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Flashback Friday: The Pistons Pitiful Frontcourt Trio

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Pistons Pitiful Frontcourt Trio: Today is Friday. And because of that simple fact, it’s time to reminisce. This week, I’ll be looking into the Detroit Pistons of the mid-2010’s. They had Andre Drummond and Greg Monroe as starters, which at that time, was no problem. But they signed Josh Smith to a four-year deal prior to the start of the 2013-14 season.

One thing that was commonly known about Smith was that he was an incredibly gifted athlete. He was terrific defensively, and could dunk with the best of them. His jump shot was always a weak point, though. So, the team signing him to play small forward seemed destined to fail from the very beginning.

And that’s exactly what it did. Detroit played 110 games with Josh Smith on the roster. They won just 34 of them. Three coaches were present during that brief period. It was bad.

Let’s talk about the Pistons pitiful frontcourt trio.

The Core Players Weren’t Exactly Bad

The thing is, the Pistons trio could not function together, there was no doubt about that. But, the players themselves weren’t bad. Greg Monroe averaged 15 points and nine rebounds per game during the 2013-14 year, then posted similar numbers during the following campaign. He shot roughly 50%.

Andre Drummond was just coming into his own, as the 13-14 campaign marked his first in the league as a starter. He averaged 14 points and 13 rebounds, making 62% of his shots and averaging 1.6 blocks per game. What more could you have possibly wanted out of your starting center? He was efficient, didn’t turn the ball over, and was good for 32 minutes a night.

On paper, it was a solid year for Josh Smith. He put up 17 points, seven rebounds, three assists per contest. He averaged 1.4 blocks and 1.4 steals per game as well. Shooting the ball was a massive issue though, as he put up splits of 42/26/53. He could get his points, but he could not score if it wasn’t by the rim.

The problem wasn’t any one of these players. It was the fact that they were being asked to coexist together.

The Role Players Did Them No Favors

The Pistons fired Maurice Cheeks after a 21-29 start to the season. Was that fair? The team was supposed to win even more game than that? They went just 8-24 under Jon Loyer, meaning that things go progressively worse the day they pulled the trigger on the firing. But the team’s other players weren’t too great either.

Brandon Jennings shot just 37% from the floor, and was not the player he was as a member of the Milwaukee Bucks. Kentavious-Caldwell Pope shot just 39.6% from the floor off the bench. Kyle Singler made 44% of his shots, most of which were jumpers. None of that exactly blows you away.

The team did manage to rank just inside the top half in points per game, but ranked #27 in points against. Defensively, they could not cover the three-point line, and were very immobile. With Drummond and Monroe playing together, guarding the perimeter and trying to figure out how to move through screens and switches was difficult.

Rodney Stuckey averaged 14 points per game, but wasn’t anything special. Jonas Jerebko and Will Bynum were decent off the bench, but could not outplay their matchups most nights.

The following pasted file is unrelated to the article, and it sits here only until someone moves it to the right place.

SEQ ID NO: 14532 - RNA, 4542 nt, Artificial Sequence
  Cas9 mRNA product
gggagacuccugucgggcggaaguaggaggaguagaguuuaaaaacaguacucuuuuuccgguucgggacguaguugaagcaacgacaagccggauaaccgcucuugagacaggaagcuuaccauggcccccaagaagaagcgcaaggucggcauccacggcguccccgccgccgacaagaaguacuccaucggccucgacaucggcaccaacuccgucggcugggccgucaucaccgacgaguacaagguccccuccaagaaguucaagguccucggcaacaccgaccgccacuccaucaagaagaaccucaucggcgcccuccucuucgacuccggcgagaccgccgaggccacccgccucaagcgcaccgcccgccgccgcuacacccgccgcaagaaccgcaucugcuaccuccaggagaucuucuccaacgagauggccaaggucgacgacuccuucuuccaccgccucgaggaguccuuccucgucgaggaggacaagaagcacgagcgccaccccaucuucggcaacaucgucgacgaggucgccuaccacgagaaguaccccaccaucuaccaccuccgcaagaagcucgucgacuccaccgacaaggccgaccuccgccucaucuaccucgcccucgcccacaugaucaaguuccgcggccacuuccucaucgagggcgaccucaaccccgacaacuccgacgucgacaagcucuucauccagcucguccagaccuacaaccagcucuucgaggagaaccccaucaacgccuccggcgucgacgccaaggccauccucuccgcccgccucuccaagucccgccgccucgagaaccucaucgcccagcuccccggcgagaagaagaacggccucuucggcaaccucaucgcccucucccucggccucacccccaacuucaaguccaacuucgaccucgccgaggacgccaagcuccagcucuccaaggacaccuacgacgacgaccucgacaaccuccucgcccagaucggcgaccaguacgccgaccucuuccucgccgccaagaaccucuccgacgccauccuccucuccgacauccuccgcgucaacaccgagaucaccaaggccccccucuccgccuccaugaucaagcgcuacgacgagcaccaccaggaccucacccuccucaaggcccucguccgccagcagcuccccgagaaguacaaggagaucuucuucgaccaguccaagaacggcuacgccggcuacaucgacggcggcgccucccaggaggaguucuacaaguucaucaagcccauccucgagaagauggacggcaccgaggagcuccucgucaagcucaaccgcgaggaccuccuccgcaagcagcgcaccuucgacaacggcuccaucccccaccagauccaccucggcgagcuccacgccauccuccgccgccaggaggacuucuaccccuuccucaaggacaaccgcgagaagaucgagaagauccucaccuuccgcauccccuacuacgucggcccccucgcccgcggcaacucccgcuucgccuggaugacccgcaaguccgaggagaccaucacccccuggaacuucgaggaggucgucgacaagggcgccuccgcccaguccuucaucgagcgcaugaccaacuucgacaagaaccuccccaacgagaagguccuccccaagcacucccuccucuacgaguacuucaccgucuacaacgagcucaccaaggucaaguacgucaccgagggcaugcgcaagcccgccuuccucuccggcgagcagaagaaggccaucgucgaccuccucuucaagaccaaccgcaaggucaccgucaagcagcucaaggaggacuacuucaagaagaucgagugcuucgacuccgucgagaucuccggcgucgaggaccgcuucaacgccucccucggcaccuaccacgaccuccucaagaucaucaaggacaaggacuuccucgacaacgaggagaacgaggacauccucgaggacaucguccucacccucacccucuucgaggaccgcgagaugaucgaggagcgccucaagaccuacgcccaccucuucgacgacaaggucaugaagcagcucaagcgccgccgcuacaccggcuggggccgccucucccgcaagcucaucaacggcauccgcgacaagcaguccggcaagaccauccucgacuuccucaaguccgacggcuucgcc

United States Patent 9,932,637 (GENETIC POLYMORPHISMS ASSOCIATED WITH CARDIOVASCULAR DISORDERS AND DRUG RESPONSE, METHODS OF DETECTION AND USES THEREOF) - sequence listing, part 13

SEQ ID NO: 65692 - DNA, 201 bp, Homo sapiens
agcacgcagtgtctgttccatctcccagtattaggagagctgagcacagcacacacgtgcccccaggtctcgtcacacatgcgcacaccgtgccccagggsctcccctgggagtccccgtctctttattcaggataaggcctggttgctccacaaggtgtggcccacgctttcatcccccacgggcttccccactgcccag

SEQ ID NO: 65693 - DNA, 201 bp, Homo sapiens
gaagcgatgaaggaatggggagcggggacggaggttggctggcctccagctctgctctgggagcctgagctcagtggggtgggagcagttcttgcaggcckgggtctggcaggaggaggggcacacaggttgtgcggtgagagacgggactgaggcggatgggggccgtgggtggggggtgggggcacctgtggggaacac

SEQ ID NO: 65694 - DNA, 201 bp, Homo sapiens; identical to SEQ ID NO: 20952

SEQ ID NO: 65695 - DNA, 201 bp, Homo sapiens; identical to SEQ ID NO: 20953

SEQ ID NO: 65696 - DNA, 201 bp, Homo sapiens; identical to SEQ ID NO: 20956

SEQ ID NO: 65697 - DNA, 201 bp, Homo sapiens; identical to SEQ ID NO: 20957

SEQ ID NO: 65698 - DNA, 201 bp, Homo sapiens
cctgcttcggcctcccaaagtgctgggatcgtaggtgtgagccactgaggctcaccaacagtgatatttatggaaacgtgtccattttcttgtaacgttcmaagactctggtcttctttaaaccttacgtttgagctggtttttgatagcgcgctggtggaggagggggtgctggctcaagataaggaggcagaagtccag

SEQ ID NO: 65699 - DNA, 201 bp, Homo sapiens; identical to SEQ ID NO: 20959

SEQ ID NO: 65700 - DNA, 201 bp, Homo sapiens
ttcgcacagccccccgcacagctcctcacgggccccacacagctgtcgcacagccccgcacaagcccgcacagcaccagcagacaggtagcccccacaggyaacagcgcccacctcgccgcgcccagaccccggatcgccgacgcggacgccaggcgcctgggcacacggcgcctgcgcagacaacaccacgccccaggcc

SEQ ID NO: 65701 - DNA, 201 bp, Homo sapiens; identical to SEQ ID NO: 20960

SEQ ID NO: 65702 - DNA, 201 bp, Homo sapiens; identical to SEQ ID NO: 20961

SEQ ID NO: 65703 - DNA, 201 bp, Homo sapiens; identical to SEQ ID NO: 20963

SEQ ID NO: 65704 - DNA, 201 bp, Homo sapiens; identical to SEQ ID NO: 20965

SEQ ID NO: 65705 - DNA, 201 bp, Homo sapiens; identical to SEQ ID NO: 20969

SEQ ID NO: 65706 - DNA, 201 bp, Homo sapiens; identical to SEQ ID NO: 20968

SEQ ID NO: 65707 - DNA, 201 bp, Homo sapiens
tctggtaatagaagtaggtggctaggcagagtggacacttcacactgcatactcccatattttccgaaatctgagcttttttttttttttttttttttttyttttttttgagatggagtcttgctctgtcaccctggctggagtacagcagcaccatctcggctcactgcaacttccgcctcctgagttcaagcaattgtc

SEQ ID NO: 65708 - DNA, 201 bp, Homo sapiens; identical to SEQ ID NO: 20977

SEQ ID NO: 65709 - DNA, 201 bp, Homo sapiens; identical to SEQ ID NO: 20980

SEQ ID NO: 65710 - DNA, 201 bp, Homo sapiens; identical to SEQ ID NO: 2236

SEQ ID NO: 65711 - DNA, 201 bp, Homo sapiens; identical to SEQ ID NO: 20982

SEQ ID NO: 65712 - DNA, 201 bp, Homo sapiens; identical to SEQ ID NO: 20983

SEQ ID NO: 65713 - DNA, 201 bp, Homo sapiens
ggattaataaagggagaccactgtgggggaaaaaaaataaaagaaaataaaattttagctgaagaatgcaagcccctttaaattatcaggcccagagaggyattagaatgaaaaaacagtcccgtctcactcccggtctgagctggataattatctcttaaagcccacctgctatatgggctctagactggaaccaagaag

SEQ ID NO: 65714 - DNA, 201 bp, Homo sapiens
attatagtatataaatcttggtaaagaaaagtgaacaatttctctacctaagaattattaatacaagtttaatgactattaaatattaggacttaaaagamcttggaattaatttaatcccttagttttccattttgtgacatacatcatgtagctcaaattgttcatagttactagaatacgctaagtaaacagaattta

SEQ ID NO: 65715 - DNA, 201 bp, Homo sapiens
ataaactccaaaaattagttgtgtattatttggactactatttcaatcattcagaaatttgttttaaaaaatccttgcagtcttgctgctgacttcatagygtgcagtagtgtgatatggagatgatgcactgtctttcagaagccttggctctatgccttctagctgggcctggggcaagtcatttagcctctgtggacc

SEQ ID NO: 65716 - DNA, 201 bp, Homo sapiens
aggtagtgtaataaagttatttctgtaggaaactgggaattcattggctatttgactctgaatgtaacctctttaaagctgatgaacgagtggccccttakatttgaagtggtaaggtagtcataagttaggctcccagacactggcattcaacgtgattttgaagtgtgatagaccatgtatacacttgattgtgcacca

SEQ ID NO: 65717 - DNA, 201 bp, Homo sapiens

This was a very misshapen roster.

They Cut Josh Smith Early the Next Year

After 28 games and a 5-23 record, GM/Coach Stan Van Gundy made a quick decision. He made the choice to waive Josh Smith, though it was only the second season of a four-year pact. What more could have been done? They needed more room to space the floor, to try and figure things out. And you couldn’t bring a player making that kind of dough off the bench.

The Pistons went on to win seven games in a row following the decision to cut Smith. They improved to 12-23, and were clearly breathing some new life. Brandon Jennings was averaging 21 points and seven assists per game in January, his strong play lifting the team to some much-needed victories.

Then, on January 26th, Jennings ruptured his Achilles, ending his season early. As soon as this happened, all the air came out of the balloon. Detroit was basically going to have to phone it in early.

On the bright side, Reggie Jackson showed up and averaged 17 points and 10 assists per game as the starting point guard following a trade to the Pistons at the deadline. In all, Detroit went 27-27 over the final 50 games, and 20-27 following that quick winning streak after cutting Smith.

Monroe and Drummond played decently, but they didn’t exactly lift the team up.

Monroe signed a 3-year, $60 million deal with the Bucks that summer. It left Drummond as the last man standing.

A Time to Forget

It was a dark time for the Pistons. The front office made some horrible free-agent decisions. Jennings days as a starter in the NBA came to an end after he recovered from his Achilles injury. Monroe’s career quickly started to spiral in Milwaukee. Singler bottomed out in OKC.

None of the players from these Pistons teams amounted to much. Andre Drummond is still a quality starting center, but Smith is out of the league. Jennings is three years removed from his last NBA game. KCP is an NBA champ in LA, but Jonas Jerebko is playing in another country.

Every franchise has bumps in the road. But the choice to pair Monroe, Drummond and Smith is as boneheaded as anything we’ve seen from an NBA front office.

They were the Pistons pitiful frontcourt trio.

Thanks for Reading

Well, you’ve made it to the end! Thank you for reading. I’ve been enjoying putting these Flashback Friday pieces together in recent weeks, as a nice form of reminiscing.

I hope that the nostalgia you were craving could be met by reading this. Plenty more to come. I’m just getting started.

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